So Smoak is exploiting the outdated information other teams have about his swing, i.e. that he can't pummel fastballs, which apparently now he can. Note that the Angels, on Tuesday, were using the old M.O. Greinke, who can control his offspeed stuff, threw almost all offspeed pitches. It might've worked, except he didn't have his A game command, and walked Smoak once after allowing a dinger on a fastball. (The 20 K's were a product of great stuff and a generous strike zone more than amazing game-calling or good command.) Downs came in, a lesser pitcher with lesser command, and the pitch sequence went: sinker sinker sinker curveball sinker sinker, except the last sinker was hit really hard and really far.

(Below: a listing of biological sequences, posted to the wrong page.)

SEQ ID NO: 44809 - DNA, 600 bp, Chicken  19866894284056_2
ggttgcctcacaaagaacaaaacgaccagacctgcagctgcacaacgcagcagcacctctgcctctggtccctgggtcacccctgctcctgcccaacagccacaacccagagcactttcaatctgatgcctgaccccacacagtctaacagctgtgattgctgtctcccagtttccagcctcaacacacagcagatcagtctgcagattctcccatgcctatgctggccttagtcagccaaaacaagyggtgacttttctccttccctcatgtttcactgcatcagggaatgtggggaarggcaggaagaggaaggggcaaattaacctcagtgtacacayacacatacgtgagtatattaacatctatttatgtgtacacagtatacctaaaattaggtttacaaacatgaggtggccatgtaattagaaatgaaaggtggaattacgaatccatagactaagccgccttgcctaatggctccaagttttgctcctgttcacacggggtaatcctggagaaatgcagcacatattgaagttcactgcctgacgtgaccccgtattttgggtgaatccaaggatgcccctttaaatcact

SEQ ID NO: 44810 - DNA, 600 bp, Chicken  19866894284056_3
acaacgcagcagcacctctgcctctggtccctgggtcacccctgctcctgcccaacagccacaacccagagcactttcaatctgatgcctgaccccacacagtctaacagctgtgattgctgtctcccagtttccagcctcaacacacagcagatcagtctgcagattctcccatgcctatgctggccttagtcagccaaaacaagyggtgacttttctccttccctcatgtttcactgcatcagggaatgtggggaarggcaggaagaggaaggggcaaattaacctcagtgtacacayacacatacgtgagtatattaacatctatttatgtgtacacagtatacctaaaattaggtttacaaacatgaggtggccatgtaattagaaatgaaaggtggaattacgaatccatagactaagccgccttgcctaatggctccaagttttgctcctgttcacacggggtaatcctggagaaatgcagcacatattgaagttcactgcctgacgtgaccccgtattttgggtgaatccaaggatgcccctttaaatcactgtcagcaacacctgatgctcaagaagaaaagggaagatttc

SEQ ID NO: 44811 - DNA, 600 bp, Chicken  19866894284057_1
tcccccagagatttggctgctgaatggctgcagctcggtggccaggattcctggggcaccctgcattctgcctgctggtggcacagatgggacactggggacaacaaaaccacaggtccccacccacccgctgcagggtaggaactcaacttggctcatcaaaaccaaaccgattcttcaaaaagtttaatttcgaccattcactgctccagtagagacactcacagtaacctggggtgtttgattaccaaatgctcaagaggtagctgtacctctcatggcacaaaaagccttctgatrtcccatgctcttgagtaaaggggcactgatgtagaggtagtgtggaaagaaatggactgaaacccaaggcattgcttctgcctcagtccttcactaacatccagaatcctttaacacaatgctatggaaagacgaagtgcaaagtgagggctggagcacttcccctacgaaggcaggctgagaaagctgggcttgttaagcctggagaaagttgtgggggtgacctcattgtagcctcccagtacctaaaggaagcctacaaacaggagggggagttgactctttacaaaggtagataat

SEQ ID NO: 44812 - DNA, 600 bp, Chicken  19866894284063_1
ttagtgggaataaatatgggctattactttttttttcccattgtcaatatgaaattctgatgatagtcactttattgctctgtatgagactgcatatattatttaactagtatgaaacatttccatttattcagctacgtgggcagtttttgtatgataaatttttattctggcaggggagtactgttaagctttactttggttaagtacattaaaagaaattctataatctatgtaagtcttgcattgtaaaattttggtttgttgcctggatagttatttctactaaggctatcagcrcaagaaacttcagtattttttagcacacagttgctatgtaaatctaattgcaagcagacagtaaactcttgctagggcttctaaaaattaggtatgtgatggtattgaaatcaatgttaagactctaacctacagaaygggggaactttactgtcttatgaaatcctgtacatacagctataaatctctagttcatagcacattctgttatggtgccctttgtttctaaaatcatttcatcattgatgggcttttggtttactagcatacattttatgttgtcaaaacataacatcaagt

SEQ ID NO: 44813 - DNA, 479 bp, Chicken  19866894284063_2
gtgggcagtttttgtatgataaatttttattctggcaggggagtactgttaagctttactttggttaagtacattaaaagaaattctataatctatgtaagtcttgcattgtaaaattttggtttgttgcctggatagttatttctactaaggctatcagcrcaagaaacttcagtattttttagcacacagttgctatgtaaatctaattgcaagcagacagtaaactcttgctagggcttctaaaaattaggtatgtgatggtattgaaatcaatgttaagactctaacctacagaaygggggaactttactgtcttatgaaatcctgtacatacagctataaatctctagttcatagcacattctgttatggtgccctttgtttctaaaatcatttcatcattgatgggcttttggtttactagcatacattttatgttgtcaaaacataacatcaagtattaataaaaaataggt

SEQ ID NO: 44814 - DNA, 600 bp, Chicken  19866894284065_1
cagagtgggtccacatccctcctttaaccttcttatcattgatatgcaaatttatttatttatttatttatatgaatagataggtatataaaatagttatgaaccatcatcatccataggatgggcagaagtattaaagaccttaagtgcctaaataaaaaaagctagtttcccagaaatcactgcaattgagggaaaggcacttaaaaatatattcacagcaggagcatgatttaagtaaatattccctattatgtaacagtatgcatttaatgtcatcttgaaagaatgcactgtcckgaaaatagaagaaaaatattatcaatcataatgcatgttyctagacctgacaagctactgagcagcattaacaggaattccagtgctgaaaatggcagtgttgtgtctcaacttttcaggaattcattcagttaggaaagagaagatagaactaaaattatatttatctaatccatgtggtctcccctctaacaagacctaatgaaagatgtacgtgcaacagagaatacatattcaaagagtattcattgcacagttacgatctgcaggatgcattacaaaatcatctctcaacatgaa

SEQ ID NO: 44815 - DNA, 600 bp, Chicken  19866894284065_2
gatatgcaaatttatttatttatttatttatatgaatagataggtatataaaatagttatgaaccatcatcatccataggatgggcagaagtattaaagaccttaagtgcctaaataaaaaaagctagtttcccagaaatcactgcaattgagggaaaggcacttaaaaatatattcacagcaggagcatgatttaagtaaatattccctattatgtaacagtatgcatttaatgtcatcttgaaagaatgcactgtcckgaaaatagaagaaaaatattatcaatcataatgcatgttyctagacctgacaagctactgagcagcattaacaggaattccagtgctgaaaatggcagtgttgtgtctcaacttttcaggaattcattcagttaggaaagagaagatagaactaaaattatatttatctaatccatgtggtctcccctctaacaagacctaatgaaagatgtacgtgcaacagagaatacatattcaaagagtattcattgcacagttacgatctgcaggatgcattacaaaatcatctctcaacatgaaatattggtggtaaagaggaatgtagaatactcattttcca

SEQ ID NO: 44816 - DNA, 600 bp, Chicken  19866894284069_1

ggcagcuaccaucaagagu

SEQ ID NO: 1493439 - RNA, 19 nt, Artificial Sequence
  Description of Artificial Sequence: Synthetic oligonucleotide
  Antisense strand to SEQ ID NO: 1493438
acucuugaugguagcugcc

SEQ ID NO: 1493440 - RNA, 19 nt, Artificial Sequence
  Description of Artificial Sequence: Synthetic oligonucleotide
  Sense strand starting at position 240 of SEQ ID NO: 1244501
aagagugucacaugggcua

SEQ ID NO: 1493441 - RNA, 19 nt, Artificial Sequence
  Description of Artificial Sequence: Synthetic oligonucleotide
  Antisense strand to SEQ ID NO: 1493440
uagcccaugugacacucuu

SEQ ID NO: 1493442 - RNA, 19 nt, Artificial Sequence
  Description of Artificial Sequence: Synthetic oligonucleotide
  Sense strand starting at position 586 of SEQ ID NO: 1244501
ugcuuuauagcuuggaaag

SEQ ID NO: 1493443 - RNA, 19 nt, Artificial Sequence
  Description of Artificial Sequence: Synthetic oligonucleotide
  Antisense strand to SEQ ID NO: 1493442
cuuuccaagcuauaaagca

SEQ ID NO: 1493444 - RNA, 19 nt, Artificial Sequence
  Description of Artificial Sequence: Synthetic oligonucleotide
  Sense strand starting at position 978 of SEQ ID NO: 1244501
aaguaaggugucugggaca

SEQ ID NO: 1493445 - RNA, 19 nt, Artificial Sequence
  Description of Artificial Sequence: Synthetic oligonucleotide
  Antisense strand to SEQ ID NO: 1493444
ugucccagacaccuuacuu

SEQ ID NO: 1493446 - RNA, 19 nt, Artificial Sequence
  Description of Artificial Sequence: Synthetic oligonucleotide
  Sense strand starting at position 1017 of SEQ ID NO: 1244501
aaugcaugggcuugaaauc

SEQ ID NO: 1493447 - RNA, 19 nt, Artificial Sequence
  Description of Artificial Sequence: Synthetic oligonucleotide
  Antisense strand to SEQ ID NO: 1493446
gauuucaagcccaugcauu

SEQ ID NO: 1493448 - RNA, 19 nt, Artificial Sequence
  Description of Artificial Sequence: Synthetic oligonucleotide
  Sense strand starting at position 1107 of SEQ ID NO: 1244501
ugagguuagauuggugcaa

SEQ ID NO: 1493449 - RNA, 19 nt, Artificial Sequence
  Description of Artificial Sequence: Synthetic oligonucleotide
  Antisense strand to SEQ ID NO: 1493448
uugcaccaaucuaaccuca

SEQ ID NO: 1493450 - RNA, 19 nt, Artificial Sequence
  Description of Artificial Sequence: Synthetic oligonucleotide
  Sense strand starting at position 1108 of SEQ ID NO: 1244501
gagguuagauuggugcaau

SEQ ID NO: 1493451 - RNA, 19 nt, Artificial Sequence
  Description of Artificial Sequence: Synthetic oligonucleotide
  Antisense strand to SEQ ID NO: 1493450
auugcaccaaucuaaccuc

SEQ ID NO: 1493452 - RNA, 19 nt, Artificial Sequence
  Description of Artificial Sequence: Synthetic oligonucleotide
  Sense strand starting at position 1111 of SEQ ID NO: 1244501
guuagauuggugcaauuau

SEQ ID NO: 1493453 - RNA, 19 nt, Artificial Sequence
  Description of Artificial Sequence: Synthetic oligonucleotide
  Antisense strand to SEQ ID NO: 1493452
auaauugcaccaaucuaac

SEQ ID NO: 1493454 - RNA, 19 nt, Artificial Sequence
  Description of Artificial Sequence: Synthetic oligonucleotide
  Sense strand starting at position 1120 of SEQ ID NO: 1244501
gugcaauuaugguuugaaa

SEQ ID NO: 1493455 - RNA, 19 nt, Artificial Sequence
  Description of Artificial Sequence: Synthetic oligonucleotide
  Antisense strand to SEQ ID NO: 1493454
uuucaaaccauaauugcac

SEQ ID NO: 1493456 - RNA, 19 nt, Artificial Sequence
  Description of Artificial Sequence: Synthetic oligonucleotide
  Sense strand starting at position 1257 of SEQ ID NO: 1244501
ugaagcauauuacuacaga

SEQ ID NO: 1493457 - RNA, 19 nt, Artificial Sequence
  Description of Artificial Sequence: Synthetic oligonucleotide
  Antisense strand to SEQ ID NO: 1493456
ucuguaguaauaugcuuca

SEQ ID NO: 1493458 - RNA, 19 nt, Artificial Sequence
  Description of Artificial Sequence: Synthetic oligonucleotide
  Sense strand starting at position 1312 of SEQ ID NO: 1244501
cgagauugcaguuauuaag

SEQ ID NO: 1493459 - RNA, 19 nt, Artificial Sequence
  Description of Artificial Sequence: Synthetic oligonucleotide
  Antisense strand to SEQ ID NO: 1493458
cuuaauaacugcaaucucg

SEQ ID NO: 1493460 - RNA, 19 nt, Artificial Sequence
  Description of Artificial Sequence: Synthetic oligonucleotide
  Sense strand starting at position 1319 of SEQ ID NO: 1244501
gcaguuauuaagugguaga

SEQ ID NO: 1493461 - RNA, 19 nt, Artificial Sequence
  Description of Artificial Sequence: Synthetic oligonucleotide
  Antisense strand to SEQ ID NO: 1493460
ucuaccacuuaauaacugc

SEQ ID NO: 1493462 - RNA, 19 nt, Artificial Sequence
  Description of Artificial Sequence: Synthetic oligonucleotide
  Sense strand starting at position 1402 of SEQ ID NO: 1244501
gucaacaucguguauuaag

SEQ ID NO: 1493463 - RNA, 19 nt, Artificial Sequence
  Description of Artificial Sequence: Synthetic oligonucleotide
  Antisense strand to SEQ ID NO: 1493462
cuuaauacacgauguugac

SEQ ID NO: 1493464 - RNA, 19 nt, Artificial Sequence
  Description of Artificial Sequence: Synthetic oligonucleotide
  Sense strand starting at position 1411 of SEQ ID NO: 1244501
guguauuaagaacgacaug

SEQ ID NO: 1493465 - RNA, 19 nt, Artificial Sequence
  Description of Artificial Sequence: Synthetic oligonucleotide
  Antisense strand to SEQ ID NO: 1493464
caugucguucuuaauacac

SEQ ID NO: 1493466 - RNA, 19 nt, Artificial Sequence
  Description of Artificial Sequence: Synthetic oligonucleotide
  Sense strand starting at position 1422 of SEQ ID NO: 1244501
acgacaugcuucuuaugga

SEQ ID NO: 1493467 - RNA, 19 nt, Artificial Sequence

Eventually teams will update their information. It might not happen before the end of the season, but it almost certainly will before the next season starts. They'll have to stop trying to exploit the fastball thing, and start trying to exploit something else.
See, as great of a little resurgence as Smoak has had, this isn't going to last until he fixes some more of his problems. The "new" giant problem is offspeed stuff. Smoak can identify curveballs just fine--he's never liked to swing at them, at all, but he can tell when they're coming. See his first bat against Greinke on Tuesday. He stared at three curveballs, two for balls because Greinke didn't have his command. Same with fastballs; he can identify them fine, except those he swings on. On changeups and sliders, though, he's been hopeless. 17% whiffs on sliders and changeups in September. That's on thrown sliders and changeups. Not the ones he swings at. Smoak has whiffed on 30% of all his swings on changeups, and a whopping 50% whiffs on sliders, in September. He has yet to put a slider in play this month. This is a huge weakness.